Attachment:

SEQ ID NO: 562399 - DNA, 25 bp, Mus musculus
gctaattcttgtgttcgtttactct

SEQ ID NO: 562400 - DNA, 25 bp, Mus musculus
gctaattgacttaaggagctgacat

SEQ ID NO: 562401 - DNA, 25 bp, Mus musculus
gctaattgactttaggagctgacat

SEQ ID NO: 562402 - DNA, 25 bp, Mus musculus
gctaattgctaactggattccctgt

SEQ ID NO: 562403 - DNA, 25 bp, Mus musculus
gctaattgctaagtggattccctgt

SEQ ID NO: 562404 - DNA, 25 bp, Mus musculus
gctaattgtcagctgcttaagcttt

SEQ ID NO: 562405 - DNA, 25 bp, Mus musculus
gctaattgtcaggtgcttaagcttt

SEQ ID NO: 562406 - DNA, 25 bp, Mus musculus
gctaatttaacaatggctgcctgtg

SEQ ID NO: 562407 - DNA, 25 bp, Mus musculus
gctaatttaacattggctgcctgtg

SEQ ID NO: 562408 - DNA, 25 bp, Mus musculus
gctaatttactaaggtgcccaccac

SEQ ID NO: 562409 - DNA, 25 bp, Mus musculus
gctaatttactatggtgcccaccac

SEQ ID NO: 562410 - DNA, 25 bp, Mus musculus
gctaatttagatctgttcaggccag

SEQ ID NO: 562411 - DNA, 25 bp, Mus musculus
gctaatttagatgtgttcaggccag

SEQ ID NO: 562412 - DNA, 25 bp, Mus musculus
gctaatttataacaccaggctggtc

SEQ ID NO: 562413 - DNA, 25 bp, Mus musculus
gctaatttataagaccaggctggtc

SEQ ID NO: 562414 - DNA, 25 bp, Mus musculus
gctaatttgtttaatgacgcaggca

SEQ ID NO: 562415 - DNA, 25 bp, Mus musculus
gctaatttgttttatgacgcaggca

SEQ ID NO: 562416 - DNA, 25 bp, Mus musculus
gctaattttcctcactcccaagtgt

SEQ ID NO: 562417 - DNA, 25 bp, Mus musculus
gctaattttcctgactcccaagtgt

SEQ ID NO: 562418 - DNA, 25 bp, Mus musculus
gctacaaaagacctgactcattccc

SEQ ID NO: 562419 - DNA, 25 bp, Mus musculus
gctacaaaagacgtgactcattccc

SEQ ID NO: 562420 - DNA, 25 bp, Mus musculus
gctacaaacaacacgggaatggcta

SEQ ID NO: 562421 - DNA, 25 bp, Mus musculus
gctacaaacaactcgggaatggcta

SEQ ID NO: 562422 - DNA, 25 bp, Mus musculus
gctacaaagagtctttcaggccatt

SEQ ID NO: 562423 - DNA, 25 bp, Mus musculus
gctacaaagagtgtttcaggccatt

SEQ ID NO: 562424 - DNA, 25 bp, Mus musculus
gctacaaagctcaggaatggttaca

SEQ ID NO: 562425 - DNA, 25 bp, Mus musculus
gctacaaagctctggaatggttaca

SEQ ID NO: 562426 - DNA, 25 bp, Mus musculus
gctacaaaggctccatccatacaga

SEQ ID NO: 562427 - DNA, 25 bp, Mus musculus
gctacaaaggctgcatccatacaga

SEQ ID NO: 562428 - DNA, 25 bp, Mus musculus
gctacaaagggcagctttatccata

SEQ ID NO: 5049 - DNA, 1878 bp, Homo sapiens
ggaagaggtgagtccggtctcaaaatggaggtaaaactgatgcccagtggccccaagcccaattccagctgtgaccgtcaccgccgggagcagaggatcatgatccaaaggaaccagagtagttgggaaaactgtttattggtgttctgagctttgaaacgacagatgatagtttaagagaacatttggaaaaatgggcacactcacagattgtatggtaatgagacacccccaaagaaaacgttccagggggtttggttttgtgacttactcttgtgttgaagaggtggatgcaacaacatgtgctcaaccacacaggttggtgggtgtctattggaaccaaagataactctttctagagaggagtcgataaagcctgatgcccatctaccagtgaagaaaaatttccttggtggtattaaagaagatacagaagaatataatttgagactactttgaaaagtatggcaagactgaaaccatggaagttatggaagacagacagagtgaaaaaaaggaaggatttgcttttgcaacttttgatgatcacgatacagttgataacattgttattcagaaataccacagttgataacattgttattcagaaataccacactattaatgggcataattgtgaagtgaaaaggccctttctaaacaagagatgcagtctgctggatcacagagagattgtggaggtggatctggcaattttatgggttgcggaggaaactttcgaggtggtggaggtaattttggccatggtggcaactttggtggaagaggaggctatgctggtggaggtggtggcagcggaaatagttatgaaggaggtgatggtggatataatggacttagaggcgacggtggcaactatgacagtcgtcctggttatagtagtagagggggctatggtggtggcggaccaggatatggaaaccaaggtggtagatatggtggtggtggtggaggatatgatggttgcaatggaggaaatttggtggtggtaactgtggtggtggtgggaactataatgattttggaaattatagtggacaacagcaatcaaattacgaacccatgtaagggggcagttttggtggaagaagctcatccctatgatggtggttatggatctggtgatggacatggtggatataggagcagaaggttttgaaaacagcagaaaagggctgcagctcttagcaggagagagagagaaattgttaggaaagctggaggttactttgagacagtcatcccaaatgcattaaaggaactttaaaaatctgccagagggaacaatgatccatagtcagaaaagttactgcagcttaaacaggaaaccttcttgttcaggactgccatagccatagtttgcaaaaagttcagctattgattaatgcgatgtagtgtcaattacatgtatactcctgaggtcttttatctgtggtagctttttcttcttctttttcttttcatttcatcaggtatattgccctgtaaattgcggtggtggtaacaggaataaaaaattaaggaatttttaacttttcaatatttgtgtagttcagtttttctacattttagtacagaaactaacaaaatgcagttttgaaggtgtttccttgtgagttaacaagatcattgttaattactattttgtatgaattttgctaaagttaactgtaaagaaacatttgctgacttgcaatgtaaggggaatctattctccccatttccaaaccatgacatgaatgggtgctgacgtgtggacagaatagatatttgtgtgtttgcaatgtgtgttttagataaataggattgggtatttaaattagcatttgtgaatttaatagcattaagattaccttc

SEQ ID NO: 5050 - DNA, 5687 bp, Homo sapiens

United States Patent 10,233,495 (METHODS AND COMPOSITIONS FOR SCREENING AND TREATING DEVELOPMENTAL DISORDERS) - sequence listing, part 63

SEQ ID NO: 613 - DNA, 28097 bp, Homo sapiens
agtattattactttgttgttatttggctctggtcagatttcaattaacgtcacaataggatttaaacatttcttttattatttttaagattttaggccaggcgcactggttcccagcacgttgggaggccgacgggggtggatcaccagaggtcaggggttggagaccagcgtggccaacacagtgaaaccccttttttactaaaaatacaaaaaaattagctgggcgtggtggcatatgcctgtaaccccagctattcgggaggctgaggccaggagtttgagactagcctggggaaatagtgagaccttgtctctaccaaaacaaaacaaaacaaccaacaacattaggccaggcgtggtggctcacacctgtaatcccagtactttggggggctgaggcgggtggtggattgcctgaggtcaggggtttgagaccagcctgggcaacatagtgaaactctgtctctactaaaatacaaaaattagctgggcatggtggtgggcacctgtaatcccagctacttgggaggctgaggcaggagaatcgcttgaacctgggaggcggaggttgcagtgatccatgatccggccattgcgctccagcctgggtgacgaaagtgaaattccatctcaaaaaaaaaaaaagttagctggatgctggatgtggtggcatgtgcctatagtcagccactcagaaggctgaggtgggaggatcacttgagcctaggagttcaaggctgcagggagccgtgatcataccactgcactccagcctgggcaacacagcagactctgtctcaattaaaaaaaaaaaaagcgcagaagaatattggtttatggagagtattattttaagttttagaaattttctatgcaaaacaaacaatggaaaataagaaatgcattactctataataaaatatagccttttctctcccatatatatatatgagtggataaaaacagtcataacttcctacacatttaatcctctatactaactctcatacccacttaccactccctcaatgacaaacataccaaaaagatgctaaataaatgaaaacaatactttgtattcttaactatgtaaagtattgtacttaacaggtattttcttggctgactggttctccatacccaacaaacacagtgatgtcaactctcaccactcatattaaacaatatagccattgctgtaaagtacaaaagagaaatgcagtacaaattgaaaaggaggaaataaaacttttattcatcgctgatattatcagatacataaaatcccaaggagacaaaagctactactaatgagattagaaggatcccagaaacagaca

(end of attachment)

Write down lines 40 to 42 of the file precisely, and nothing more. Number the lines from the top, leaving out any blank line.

gctacaaaagacctgactcattccc

SEQ ID NO: 562419 - DNA, 25 bp, Mus musculus
gctacaaaagacgtgactcattccc